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I heard all kinds of things about the school and all belonging to
it. I heard that Mr. Creakle had not preferred his claim to being
a Tartar without reason; that he was the sternest and most severe
of masters; that he laid about him, right and left, every day of
his life, charging in among the boys like a trooper, and slashing
away, unmercifully. That he knew nothing himself, but the art of
slashing, being more ignorant (J. Steerforth said) than the lowest
boy in the school; that he had been, a good many years ago, a small
hop-dealer in the Borough, and had taken to the schooling business
after being bankrupt in hops, and making away with Mrs. Creakle's
money. With a good deal more of that sort, which I wondered how
they knew.

I heard that the man with the wooden leg, whose name was Tungay,
was an obstinate barbarian who had formerly assisted in the hop
business, but had come into the scholastic line with Mr. Creakle,
in consequence, as was supposed among the boys, of his having
broken his leg in Mr. Creakle's service, and having done a deal of
dishonest work for him, and knowing his secrets. I heard that with
the single exception of Mr. Creakle, Tungay considered the whole
establishment, masters and boys, as his natural enemies, and that
the only delight of his life was to be sour and malicious. I heard
that Mr. Creakle had a son, who had not been Tungay's friend, and
who, assisting in the school, had once held some remonstrance with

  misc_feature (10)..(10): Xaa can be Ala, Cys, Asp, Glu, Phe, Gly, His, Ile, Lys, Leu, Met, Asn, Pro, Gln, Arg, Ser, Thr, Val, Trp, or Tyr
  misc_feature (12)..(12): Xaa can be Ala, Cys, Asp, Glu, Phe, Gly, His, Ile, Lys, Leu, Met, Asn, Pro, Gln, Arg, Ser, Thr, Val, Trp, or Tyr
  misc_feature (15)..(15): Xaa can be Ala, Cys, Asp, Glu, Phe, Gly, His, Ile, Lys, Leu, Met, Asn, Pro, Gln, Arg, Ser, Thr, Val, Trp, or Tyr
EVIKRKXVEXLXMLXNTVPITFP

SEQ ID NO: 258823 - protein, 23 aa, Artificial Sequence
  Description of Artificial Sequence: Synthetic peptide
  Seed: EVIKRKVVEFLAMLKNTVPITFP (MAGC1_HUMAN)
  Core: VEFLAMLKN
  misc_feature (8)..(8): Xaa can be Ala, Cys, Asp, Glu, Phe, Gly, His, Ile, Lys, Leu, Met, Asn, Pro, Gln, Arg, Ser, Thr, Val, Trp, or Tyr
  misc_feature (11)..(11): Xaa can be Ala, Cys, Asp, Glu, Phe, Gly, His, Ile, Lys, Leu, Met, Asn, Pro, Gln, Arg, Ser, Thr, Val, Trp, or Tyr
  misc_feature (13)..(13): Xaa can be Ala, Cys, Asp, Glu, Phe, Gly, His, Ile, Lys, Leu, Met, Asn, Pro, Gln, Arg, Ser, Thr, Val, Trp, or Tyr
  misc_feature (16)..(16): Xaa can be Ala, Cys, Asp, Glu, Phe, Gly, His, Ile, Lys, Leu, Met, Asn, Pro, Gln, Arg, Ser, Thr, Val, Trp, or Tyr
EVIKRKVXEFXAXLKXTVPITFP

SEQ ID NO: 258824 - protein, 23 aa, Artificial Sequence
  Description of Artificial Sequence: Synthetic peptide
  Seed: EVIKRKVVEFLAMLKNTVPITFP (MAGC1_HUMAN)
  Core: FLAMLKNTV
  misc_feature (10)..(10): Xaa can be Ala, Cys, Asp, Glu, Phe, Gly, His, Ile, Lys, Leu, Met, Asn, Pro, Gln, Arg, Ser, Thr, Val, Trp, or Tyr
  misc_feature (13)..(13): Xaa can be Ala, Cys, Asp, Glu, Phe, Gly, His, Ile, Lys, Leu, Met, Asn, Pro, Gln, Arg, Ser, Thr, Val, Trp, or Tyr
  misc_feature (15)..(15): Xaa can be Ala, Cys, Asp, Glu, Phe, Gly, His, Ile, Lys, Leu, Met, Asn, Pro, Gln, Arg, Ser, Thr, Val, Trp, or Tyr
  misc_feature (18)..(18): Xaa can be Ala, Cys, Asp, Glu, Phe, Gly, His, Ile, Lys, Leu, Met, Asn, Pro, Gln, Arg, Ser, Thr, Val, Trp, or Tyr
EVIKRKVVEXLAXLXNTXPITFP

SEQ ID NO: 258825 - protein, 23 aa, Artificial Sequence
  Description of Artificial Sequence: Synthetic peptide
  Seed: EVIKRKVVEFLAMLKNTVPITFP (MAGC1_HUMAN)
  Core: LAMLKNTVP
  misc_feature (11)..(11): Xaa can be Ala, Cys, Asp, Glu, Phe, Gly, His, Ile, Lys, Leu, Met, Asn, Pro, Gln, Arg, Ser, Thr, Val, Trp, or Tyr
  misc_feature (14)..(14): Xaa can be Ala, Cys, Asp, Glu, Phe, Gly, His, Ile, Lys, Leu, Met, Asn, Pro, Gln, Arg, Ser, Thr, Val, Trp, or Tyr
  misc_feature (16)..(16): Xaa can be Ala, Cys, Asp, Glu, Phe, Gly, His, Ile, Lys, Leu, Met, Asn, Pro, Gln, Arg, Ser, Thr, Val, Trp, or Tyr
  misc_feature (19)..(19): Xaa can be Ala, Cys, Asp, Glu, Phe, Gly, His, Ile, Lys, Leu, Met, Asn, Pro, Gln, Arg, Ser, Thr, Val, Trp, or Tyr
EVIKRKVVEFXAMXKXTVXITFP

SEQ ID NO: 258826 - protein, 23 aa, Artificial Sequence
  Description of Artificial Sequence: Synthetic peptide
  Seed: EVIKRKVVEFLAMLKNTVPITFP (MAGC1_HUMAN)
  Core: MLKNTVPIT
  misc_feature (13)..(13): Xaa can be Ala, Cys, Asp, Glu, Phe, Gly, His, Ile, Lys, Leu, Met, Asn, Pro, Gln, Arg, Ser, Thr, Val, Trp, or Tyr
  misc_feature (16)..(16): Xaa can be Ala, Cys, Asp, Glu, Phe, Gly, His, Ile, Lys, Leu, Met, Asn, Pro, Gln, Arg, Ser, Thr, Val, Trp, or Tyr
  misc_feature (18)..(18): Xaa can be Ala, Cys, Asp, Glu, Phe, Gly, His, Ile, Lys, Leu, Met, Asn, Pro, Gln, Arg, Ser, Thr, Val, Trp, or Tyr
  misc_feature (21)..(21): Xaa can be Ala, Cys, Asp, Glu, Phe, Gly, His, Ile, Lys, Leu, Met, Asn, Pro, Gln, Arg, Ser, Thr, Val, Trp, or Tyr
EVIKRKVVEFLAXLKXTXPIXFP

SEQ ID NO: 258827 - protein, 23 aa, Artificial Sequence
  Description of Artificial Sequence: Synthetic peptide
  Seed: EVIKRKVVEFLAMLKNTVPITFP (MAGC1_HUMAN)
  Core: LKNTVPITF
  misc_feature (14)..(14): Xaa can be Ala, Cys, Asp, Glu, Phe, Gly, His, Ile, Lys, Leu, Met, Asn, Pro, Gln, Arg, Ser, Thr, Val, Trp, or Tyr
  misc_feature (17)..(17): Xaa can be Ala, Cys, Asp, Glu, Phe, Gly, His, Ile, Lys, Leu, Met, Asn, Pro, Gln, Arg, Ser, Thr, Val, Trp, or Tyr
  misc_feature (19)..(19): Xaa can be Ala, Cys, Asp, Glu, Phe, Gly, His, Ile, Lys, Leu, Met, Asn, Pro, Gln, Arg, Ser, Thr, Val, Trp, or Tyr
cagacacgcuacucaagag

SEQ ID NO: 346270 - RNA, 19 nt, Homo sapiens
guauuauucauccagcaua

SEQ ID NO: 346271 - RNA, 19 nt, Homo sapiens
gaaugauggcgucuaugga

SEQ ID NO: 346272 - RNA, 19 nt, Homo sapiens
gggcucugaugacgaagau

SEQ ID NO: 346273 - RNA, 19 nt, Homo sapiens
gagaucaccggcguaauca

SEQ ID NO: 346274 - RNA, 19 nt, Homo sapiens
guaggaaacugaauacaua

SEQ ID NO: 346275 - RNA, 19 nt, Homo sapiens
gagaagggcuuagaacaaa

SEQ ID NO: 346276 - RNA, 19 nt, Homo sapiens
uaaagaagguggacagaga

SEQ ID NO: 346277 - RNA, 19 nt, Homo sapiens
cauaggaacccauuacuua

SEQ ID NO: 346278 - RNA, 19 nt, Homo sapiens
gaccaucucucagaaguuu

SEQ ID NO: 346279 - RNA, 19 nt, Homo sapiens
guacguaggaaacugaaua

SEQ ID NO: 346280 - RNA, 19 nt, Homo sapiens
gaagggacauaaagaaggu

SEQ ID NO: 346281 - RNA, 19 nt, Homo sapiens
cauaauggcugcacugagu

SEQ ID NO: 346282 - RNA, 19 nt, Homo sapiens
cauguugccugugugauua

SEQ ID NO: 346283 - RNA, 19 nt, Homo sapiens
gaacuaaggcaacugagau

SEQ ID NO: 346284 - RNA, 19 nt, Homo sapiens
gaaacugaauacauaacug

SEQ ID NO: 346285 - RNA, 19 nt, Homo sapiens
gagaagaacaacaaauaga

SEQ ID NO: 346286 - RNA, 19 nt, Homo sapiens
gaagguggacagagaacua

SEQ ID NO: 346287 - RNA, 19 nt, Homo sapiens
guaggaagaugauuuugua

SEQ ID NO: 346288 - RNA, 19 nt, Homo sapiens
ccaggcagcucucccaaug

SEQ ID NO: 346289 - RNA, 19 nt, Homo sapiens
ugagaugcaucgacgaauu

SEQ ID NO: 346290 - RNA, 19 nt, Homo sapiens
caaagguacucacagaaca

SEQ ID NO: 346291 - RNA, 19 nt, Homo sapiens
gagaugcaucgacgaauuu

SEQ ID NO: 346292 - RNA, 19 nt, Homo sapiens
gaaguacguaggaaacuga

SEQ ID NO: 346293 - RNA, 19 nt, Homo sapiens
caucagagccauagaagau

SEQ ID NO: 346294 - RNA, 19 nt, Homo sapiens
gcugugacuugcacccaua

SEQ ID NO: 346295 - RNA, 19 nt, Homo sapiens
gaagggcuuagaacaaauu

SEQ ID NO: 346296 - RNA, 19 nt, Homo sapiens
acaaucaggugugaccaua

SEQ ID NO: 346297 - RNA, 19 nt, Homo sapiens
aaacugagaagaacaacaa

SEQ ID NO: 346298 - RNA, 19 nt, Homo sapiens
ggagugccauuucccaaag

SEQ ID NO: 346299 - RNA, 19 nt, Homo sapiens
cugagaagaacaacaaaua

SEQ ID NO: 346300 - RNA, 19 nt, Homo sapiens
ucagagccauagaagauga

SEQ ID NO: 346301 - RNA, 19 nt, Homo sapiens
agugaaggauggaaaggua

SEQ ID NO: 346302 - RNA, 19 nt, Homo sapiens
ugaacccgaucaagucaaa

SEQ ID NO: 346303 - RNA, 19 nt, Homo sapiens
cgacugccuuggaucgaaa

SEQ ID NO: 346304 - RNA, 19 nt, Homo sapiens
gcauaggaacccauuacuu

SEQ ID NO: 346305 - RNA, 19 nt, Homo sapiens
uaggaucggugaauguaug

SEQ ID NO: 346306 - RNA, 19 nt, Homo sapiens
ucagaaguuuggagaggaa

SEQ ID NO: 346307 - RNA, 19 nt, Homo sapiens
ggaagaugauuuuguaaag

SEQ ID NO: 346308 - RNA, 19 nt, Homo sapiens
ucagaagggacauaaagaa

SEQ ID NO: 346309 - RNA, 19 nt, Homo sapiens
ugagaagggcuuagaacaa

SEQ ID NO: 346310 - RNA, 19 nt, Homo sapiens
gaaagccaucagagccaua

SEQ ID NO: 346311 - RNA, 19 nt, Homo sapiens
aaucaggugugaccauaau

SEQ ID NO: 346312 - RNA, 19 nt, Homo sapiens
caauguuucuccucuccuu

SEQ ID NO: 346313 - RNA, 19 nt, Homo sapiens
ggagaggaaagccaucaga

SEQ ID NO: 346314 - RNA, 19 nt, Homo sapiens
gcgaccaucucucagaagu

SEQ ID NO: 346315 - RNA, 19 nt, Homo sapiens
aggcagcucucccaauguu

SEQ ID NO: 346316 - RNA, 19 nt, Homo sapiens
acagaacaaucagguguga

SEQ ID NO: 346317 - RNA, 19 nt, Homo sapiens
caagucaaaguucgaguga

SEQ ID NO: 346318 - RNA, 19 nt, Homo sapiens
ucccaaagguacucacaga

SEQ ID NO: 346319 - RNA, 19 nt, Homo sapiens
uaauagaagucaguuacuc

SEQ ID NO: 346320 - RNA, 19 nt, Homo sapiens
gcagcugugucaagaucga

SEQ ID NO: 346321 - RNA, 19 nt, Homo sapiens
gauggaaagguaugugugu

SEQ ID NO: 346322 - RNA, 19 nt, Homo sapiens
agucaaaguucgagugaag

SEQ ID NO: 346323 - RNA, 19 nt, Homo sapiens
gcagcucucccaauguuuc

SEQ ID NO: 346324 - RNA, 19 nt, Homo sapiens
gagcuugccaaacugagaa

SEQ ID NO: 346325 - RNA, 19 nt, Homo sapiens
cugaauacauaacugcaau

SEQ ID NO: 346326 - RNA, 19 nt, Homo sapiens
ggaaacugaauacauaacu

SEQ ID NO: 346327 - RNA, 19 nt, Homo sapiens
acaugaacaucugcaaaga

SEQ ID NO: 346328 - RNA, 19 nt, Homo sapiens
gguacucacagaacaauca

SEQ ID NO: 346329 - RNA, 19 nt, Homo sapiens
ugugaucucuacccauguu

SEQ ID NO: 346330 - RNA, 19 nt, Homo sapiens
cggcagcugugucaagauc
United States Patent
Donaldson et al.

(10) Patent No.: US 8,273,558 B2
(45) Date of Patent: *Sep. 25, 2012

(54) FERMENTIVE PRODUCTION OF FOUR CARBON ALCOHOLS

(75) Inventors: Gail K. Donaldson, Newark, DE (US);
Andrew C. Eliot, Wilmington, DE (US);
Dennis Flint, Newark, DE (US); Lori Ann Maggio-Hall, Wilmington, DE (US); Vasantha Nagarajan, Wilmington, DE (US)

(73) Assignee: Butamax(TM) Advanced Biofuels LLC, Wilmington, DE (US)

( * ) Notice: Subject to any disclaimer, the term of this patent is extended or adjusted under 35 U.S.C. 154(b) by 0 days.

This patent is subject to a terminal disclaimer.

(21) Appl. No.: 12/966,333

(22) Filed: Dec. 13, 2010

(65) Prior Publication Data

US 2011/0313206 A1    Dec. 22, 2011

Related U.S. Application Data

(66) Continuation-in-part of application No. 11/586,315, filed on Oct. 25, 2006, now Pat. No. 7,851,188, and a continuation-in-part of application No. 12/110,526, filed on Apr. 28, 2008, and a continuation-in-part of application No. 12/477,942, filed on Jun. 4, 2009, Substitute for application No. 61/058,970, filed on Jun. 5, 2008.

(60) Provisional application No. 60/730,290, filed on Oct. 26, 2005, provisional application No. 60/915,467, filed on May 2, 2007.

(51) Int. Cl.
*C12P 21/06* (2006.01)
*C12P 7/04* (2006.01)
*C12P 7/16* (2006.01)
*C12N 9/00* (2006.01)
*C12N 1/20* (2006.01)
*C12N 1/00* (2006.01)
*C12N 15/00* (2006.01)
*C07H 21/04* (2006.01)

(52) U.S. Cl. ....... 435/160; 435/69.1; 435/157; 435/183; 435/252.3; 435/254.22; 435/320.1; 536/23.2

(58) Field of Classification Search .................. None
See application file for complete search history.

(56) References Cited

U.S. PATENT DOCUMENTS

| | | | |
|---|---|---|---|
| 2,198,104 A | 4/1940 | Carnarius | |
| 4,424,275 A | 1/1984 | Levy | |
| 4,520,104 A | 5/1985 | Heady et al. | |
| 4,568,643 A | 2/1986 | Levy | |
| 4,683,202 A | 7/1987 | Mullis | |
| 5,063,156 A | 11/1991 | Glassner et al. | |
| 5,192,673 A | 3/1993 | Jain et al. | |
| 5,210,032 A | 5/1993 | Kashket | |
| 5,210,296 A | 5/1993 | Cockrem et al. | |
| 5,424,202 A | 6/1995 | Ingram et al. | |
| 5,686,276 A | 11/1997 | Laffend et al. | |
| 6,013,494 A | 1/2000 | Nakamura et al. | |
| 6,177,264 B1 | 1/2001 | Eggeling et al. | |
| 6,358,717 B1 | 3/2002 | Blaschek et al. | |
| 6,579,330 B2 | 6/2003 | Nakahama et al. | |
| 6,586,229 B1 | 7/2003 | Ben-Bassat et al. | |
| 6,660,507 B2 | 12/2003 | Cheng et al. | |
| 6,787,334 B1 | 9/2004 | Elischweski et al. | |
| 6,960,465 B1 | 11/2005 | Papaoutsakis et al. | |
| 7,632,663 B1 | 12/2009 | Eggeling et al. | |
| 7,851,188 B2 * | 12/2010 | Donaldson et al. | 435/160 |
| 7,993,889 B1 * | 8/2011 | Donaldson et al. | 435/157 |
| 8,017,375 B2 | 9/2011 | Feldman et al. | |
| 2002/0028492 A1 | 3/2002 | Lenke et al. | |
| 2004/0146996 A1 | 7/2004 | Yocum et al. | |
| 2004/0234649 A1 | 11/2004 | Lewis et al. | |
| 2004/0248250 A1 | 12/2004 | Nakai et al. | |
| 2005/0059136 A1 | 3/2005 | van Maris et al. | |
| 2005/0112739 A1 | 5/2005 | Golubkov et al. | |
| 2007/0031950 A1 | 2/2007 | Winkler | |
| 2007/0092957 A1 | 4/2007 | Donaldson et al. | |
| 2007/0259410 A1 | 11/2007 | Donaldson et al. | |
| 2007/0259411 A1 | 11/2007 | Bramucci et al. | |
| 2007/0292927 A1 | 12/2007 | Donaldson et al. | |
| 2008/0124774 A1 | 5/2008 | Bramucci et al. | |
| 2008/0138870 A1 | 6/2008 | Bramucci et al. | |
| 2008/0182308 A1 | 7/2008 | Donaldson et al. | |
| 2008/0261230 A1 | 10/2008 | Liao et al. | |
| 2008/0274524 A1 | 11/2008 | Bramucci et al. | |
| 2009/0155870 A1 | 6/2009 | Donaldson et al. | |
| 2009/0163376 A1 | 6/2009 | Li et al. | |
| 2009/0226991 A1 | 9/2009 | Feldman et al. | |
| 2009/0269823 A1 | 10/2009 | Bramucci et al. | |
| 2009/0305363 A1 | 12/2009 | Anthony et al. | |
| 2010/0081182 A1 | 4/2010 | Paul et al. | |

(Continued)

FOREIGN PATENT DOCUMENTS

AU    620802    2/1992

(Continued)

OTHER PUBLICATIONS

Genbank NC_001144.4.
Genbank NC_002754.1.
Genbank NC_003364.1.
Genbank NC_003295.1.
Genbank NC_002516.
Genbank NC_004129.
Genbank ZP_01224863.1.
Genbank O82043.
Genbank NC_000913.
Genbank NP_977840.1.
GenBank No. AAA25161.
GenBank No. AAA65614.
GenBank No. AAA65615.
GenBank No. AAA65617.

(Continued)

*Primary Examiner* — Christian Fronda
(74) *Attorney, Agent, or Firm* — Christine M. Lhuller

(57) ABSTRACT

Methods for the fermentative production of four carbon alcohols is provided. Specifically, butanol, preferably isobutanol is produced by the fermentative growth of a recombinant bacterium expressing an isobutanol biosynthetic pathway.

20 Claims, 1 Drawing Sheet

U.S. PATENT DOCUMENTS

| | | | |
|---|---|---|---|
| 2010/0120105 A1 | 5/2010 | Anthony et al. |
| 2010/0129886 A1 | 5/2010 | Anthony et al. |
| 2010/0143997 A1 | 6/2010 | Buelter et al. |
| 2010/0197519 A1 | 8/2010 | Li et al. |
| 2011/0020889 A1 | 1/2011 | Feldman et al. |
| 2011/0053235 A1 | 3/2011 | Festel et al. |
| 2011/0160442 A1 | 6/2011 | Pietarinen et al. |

his father on an occasion when its discipline was very cruelly
exercised, and was supposed, besides, to have protested against his
father's usage of his mother. I heard that Mr. Creakle had turned
him out of doors, in consequence; and that Mrs. and Miss Creakle
had been in a sad way, ever since.

But the greatest wonder that I heard of Mr. Creakle was, there
being one boy in the school on whom he never ventured to lay a
hand, and that boy being J. Steerforth. Steerforth himself
confirmed this when it was stated, and said that he should like to
begin to see him do it. On being asked by a mild boy (not me) how
he would proceed if he did begin to see him do it, he dipped a
match into his phosphorus-box on purpose to shed a glare over his
reply, and said he would commence by knocking him down with a blow
on the forehead from the seven-and-sixpenny ink-bottle that was
always on the mantelpiece. We sat in the dark for some time,

I heard that Mr. Sharp and Mr. Mell were both supposed to be
wretchedly paid; and that when there was hot and cold meat for
dinner at Mr. Creakle's table, Mr. Sharp was always expected to say
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